Australia's top four banks have posted another year of record earnings, but that strong run could be at risk with interest rates close to a bottom, analysts say.
Westpac, Australia's second-biggest bank by market value, on Monday unveiled an annual profit of A$7.1 billion (US$6.7 billion), marking its fourth-straight year of record profits.
Cost cutting, a drop in bad loans and a rise in retail deposits have helped Australia's banks notch up another bumper year – National Australia Bank (NAB) and Australia and New Zealand Banking Group (ANZ) unveiled record profits last week.
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"Commonwealth Bank of Australia (CBA) and Westpac have been riding the local economy, riding the property market and have done particularly well," Lachlan Colquhoun, head of markets analysis at East and Partners, told CNBC. "Whether that will remain into next year; that's the big question."
Last week ANZ reported an 11 percent rise in its full-year cash earnings, while NAB reported a higher-than-expected 9.3 percent rise in full-year cash earnings. Australia's biggest mortgage lender, CBA, in August unveiled a 10 percent jump in annual cash profit to A$7.8 billion.
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"Australian banks have had a combined cash earnings of A$27.4 billion and 9.5 percent growth in cash earnings, which in this environment of soft credit growth is a very solid outcome," said Stuart Scoular, banking leader at PricewaterhouseCoopers.
Now the challenge is to maintain that strong earnings growth at a time when the prospect of monetary tightening is growing, analysts said.
The Reserve Bank of Australia has slashed rates by 200 basis points since late 2011 to a record low of 2.5 percent and many economists believe that the rate-cutting cycle is almost over as signs of strength in the economy grow.
Data on Monday for instance showed retail sales rose 0.8 percent in September from a month earlier, well above market expectations for a 0.3 percent rise.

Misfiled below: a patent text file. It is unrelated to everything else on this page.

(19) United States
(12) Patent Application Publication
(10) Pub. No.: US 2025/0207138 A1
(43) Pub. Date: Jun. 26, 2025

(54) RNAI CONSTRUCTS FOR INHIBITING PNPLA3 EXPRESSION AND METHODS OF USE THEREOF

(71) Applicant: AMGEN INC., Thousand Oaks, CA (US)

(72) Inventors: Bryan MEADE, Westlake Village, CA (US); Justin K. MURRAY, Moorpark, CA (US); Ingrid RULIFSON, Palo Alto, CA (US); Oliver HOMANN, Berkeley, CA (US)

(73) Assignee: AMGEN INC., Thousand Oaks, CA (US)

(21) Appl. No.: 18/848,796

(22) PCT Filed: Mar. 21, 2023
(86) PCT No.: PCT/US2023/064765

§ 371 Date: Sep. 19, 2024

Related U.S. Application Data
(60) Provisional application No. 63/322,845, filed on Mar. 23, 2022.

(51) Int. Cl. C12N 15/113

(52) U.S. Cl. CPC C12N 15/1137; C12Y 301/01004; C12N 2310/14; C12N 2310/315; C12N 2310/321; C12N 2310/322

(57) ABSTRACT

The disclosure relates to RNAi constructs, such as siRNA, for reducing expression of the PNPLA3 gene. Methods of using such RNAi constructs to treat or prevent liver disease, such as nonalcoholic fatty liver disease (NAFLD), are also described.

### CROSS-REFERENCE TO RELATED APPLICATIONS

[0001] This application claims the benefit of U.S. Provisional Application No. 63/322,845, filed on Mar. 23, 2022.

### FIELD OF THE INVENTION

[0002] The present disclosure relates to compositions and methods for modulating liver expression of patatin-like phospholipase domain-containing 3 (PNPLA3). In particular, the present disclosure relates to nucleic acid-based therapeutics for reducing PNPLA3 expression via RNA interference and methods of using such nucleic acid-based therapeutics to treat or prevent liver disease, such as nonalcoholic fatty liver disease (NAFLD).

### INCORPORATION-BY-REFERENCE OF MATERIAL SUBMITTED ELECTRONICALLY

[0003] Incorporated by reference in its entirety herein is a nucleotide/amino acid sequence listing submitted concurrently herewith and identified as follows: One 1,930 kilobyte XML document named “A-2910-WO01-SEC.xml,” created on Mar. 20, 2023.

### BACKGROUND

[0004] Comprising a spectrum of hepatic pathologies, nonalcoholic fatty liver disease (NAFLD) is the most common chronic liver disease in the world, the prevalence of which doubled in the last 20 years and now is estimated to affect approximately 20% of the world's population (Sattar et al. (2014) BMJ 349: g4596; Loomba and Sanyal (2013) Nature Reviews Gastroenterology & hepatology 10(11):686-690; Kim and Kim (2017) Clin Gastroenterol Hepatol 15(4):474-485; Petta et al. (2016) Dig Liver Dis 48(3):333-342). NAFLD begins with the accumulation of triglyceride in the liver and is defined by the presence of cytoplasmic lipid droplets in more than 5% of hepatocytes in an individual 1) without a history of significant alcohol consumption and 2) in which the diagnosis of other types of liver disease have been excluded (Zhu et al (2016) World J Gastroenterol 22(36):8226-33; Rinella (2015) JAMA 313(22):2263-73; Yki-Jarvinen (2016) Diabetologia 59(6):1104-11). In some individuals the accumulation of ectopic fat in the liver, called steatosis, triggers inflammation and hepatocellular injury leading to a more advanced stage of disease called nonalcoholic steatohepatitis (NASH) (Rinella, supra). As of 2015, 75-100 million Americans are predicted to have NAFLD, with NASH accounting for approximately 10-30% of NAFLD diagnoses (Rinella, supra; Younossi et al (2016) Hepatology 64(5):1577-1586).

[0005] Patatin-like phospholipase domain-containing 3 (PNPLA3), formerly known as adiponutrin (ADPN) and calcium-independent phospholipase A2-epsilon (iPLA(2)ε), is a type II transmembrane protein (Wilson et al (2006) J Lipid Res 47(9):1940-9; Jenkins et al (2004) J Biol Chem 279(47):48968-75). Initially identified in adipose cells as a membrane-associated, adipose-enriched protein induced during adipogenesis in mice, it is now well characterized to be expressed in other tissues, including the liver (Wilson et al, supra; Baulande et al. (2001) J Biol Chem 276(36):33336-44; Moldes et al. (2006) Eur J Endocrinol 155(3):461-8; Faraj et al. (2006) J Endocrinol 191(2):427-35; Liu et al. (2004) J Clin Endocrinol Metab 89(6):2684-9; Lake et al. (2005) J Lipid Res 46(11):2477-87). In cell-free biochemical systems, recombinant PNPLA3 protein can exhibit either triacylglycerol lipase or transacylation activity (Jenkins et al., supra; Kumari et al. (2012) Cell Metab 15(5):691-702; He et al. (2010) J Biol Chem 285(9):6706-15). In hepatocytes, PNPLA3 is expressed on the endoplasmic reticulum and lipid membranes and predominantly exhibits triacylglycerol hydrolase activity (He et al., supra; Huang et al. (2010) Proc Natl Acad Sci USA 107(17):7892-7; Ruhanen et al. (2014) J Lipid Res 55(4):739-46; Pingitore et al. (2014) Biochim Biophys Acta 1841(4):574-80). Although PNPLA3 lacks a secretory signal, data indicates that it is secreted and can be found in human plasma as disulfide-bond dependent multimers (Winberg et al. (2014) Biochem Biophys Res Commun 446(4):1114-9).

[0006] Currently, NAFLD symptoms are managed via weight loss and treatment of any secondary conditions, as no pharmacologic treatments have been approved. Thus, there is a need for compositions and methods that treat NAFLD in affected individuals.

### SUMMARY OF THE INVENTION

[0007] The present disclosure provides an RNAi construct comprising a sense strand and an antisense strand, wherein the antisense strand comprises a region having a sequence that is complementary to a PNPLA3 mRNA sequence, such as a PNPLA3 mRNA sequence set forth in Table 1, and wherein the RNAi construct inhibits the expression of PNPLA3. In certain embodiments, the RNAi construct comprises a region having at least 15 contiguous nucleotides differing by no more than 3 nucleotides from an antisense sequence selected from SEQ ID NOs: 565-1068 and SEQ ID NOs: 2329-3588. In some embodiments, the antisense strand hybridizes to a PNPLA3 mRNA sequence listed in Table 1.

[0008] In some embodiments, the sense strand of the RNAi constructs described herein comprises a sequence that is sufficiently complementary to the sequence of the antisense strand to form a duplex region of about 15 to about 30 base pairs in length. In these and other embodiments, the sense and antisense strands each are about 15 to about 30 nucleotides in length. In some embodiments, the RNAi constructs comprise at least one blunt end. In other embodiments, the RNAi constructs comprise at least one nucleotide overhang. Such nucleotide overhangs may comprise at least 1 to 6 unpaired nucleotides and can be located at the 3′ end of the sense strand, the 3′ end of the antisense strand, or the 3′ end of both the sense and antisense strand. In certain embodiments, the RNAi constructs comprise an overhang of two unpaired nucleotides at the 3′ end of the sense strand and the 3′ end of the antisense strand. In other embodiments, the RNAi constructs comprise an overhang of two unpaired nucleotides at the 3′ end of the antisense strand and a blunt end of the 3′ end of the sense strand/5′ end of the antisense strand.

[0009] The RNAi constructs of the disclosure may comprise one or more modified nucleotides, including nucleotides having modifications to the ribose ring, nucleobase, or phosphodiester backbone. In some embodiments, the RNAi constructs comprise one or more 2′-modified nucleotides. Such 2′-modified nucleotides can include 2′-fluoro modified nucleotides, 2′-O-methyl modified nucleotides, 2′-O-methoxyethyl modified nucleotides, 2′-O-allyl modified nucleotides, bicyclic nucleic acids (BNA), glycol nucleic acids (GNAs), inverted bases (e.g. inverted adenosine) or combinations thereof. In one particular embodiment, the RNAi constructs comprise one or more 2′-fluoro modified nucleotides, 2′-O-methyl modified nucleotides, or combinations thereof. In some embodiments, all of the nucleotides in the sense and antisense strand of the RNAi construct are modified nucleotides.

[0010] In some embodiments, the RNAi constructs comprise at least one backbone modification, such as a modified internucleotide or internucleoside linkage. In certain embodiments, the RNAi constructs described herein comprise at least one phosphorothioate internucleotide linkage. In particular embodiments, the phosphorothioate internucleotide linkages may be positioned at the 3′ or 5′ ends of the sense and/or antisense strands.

"The key risk factors are a sharp rise in interest rates and or an increase in unemployment which would increase bad-debt expenses for the majors," said Scoular, talking about the risks to Australia's banks on CNBC Asia's "Cash Flow" on Monday.
Nathan Bell, research director at Intelligent Investor, added: "Valuations for the top four Australian banks are higher than at the time of the global financial crisis, there's no margin of safety at current values."
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Still, analysts said signs of a pick-up in credit growth at businesses were a positive sign for the banking sector in the months ahead.
Annual Australian credit growth stands at 3.3 percent, down from 15 percent in 2007 and housing credit growth is at around 5 percent, down from 20 percent a decade ago, Reuters reported.
"All these [bank earnings] results have been driven by cost reductions, by bad debt reductions, they have not been driven by growth in business credit. So the issue going into 2014 could be whether we will see demand in business credit," said Colquhoun at East and Partners.
(Read more: Aussie dollar could tumble 25% by 2016, warns SocGen)
"We've seen some indications that with the election out of the way there's a bit of interest from businesses of all sizes to start borrowing again," he added, referring to Australian elections that took place in September.
— By CNBC.com's Dhara Ranasinghe; Follow her on Twitter @DharaCNBC